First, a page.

“What does it sound like when someone’s talking with a clarinet jammed in his skull?” asks Alloy Orchestra’s Ken Winokur. The Cambridge, Massachusetts-based trio brings antic humor, off-beat perspective, and consummate professionalism to the task of scoring silent films. With their latest endeavor, “Wild and Weird: The Alloy Orchestra Plays 10 Fascinating and Innovative Films 1906-1926” in Ebertfest (Roger Ebert’s 14th annual showcase in Champaign, Illinois) this month, Keyframe caught up with Winokur for a video essay tribute to the wild, weird, and fascinating process that has Alloy (Winokur, along with Roger Miller and Terry Donahue) opening up silent films to broader audiences.
(Interview excerpts, Ken Winokur)
The Red Spectre (Segundo de Chomón, Ferdinand Zecca, 1907)
Every time the Spectre makes something appear or disappear there’s a sound effect for it. Lots of fire and smoke sounds. Every time the smoke appears, I started rolling the gong. At one point Terry said,’Ken, smoke doesn’t make any noise!” I said, ‘Clearly it does! Listen!’
The Thieving Hand (Paul Panzer, 1908)
When they are getting the replacement arm, we used a musical saw to convey the surreal quality of the scene. When they wind up the arm, it made us think of the sound of a wind-up a toy. We have a ratchet from the 1910s or ’20s, which trap drummers in pit orchestras would use back in those days for sound effects, that we used for this effect.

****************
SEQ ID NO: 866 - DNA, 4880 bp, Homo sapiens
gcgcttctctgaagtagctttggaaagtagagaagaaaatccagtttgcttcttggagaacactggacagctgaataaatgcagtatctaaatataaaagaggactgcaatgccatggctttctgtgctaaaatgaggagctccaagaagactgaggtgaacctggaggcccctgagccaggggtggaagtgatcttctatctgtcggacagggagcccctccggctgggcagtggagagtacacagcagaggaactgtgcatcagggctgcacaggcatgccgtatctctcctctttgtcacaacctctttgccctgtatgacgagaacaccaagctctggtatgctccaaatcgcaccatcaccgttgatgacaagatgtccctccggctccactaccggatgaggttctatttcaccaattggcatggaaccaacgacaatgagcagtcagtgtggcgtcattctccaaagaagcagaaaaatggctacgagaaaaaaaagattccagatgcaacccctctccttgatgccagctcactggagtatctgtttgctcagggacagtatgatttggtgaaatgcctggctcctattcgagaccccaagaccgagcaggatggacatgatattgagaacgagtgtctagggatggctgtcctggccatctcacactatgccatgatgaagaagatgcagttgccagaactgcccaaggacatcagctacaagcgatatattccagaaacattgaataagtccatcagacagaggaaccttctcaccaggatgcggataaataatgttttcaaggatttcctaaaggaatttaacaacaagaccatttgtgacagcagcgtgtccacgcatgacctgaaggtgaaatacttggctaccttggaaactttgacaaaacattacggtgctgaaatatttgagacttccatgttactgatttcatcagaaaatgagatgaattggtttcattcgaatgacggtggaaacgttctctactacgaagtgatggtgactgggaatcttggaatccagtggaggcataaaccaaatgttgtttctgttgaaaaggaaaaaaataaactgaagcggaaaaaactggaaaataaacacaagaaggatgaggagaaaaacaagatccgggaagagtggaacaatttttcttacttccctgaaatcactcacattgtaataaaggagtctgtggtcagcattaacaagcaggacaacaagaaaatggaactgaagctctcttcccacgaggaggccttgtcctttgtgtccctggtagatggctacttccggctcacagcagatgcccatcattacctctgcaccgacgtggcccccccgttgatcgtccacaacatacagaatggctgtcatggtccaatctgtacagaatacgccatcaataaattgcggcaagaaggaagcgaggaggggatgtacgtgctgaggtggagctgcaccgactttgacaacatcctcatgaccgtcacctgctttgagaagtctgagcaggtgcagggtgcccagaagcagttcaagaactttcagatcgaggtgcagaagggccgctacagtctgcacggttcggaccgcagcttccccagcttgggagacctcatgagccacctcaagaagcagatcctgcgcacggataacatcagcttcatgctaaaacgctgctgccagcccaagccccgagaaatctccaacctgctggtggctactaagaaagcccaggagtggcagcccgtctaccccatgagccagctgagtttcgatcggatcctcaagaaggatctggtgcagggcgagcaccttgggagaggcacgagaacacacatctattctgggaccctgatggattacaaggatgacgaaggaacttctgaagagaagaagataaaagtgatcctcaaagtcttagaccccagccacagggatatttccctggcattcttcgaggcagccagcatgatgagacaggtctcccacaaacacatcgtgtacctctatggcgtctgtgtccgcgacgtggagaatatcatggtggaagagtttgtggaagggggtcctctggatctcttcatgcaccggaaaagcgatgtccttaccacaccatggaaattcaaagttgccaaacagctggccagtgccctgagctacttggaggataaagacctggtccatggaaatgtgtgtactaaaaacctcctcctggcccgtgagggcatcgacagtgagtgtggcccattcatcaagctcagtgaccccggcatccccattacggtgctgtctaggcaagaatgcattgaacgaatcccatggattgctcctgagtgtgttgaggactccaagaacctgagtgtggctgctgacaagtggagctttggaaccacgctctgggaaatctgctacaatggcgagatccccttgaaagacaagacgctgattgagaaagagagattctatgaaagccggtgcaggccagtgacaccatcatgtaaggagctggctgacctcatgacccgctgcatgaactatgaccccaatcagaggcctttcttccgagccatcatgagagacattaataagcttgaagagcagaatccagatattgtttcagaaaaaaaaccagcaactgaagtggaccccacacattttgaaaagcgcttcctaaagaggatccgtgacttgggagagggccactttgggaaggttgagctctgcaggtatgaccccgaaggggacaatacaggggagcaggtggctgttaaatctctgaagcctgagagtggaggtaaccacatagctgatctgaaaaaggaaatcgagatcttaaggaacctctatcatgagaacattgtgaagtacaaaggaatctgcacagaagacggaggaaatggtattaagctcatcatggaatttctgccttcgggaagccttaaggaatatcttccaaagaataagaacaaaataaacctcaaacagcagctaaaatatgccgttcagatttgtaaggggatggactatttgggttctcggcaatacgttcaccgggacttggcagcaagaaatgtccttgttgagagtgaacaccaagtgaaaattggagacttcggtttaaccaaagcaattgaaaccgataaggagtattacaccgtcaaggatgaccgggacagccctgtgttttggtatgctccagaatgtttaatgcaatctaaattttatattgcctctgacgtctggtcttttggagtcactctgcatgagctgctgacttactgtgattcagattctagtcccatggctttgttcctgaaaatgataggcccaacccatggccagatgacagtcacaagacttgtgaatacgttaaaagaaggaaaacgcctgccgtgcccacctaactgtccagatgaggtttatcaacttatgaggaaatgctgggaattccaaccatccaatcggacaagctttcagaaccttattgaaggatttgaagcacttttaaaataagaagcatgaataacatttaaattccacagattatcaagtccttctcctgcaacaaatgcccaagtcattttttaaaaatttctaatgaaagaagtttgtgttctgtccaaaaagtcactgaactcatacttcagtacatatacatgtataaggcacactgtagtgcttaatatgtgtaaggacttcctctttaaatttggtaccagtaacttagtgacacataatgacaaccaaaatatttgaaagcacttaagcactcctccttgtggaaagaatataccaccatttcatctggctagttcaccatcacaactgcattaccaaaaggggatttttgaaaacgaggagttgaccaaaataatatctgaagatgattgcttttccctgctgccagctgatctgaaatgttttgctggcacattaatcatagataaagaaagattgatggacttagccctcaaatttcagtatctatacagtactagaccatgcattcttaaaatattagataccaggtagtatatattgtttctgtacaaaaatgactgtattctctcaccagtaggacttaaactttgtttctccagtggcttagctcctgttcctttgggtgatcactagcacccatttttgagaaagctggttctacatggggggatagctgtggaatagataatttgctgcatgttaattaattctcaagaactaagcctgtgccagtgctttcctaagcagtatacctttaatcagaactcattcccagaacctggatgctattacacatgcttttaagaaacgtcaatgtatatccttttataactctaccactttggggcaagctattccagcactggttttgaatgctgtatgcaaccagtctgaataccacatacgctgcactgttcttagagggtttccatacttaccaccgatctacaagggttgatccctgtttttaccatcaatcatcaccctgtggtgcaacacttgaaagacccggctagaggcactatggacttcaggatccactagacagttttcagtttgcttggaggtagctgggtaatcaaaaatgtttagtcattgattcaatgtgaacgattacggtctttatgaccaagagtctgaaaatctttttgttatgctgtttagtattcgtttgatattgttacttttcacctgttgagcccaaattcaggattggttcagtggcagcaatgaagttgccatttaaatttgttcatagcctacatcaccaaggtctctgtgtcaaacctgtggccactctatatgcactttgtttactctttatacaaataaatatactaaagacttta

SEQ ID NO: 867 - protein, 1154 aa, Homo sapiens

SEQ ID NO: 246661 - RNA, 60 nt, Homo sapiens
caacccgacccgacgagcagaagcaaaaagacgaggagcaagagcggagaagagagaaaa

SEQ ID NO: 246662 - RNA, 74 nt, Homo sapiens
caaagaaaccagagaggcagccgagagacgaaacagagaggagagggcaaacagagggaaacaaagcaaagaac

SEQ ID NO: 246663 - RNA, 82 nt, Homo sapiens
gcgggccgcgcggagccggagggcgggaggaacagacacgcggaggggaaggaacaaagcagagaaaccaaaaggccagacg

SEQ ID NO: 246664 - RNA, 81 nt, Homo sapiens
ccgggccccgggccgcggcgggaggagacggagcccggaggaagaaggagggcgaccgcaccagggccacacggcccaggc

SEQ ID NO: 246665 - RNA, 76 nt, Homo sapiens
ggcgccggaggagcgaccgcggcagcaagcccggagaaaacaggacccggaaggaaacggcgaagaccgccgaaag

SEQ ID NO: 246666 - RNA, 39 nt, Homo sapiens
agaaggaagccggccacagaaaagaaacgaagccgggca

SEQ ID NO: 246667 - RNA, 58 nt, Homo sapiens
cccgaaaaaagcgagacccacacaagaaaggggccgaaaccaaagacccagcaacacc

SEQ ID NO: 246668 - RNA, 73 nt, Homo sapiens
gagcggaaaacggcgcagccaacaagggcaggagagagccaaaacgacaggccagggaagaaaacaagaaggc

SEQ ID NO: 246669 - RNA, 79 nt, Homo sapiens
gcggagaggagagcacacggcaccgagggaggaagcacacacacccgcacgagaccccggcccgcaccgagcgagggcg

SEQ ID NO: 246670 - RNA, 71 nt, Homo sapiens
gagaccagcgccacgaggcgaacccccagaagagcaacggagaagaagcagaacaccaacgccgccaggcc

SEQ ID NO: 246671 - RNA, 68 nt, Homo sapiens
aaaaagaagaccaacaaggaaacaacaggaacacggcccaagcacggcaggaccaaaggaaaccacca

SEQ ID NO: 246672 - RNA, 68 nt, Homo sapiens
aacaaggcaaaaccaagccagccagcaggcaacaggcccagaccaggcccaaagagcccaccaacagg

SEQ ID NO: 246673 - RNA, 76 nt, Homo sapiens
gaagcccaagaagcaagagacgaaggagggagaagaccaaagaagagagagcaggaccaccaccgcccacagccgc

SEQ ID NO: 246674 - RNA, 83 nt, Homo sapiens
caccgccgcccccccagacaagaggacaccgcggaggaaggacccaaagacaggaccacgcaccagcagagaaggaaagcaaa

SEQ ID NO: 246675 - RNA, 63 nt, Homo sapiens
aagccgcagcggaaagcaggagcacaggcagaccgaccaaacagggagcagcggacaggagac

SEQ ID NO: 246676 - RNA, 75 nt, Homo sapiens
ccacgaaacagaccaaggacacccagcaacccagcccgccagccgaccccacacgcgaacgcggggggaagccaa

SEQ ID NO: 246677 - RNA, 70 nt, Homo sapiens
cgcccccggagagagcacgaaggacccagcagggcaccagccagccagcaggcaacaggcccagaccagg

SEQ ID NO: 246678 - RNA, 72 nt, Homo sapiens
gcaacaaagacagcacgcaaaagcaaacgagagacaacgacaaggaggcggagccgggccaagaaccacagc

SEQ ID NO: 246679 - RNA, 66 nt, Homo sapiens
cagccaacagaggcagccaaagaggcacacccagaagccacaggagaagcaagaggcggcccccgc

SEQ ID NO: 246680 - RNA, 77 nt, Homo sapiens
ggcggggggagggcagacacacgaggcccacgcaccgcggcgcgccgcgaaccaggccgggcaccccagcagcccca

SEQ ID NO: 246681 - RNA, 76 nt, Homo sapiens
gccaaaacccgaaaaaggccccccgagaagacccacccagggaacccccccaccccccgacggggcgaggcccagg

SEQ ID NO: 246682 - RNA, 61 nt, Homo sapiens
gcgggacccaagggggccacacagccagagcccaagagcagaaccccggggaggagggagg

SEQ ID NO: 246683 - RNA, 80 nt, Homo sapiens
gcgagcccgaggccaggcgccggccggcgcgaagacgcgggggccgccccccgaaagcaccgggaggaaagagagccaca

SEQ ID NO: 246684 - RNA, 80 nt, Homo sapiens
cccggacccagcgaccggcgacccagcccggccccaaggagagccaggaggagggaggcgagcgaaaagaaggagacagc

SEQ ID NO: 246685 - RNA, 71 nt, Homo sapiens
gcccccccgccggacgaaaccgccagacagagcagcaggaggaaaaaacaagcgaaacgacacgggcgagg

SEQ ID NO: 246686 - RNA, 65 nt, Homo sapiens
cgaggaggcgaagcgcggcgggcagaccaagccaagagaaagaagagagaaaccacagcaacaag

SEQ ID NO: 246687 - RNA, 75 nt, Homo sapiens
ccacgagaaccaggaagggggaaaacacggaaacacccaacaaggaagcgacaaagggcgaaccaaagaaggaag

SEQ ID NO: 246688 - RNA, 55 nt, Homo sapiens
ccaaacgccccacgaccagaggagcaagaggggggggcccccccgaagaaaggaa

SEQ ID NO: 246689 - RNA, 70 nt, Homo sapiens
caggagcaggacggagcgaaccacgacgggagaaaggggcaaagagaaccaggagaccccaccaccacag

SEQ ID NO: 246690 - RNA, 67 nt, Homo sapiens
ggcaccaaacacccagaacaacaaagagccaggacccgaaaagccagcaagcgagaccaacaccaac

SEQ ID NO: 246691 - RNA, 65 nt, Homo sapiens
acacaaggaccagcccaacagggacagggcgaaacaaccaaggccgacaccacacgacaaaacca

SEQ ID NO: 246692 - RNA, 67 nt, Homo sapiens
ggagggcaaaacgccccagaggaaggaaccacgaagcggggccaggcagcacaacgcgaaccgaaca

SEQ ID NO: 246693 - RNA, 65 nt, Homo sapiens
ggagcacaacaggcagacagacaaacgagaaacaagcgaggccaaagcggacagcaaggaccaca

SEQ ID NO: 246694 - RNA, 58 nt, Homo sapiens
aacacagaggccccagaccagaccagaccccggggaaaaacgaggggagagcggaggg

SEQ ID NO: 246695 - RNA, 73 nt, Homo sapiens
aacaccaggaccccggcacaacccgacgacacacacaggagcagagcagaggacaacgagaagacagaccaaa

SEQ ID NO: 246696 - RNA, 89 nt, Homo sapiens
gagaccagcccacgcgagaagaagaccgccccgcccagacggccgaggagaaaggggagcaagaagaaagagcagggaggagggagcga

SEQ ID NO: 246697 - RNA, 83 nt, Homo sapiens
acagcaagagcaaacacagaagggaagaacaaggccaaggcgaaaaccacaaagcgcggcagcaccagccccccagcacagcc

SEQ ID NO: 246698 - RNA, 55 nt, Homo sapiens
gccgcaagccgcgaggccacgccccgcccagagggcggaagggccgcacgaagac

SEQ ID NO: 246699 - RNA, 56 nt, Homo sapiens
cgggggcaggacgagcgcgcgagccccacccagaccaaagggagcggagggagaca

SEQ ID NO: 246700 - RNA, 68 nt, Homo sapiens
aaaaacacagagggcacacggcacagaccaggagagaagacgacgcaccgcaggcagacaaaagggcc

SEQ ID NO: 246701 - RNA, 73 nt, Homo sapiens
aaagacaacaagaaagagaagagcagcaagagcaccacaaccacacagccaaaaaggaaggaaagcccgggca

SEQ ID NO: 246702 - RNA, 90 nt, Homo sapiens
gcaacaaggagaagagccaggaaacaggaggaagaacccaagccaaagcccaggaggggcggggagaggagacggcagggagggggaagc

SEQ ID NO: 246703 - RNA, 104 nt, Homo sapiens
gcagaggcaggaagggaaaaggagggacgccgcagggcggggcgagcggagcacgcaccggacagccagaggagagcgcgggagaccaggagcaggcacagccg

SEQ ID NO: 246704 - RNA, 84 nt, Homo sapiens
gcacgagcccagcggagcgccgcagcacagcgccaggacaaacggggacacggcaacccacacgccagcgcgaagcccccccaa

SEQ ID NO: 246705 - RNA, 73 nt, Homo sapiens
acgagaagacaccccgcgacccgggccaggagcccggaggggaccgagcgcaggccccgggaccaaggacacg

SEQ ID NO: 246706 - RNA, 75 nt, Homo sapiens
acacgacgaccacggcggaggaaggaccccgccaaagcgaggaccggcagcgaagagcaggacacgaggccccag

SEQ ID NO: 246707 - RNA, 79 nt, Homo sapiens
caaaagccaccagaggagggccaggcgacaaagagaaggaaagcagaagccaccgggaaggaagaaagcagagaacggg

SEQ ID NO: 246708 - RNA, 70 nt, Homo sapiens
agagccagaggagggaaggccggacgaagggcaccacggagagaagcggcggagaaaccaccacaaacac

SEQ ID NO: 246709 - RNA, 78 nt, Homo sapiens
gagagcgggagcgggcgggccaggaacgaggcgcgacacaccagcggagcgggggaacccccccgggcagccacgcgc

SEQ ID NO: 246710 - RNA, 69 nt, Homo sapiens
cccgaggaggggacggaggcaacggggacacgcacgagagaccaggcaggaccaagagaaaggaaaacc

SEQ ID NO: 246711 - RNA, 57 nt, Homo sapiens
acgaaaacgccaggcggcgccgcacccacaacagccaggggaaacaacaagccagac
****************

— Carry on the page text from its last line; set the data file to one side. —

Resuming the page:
Artheme Swallows His Clarinet (Ernest Servaès, 1912)
When the character is walking around with a clarinet stuck in his head, and he’s talking, we asked, ‘What does it sound like when someone’s talking with a clarinet jammed in his skull?’ And the answer is: a really bad clarinet player playing random sour notes on a clarinet, which is something I’m uniquely qualified to do. I love playing crazy random notes.
The Acrobatic Fly (Percy Smith, 1908)
This was a one-take improvisation; it’s just what erupted from us while watching. We used metal pans stripped from restaurant plate carts. We played them melodically, which is a trick we love to do with percussion. It sounds like a melody but there’s no real tonality to it.
Filmstudie (Hans Richter, 1920)
Hans Richter being a Dada artist, it almost begged us to take license with anything we did with that film. We took some poetry from one of the other Zurich Dadaists, Hugo Ball. I read it a number of times, overlaid various versions of it, and even played it backwards. It was a spontaneously generated concept.
The Life and Death of 9413: A Hollywood Extra (Robert Florey, Slavko Vorkapich, 1927)
This is one of my favorite films of all time; it sends a chill every time we play it. When 9413 is resurrected and climbs up to heaven, I always feel an emotional bond with him. The theme we play here is not very intricate but I find it very moving.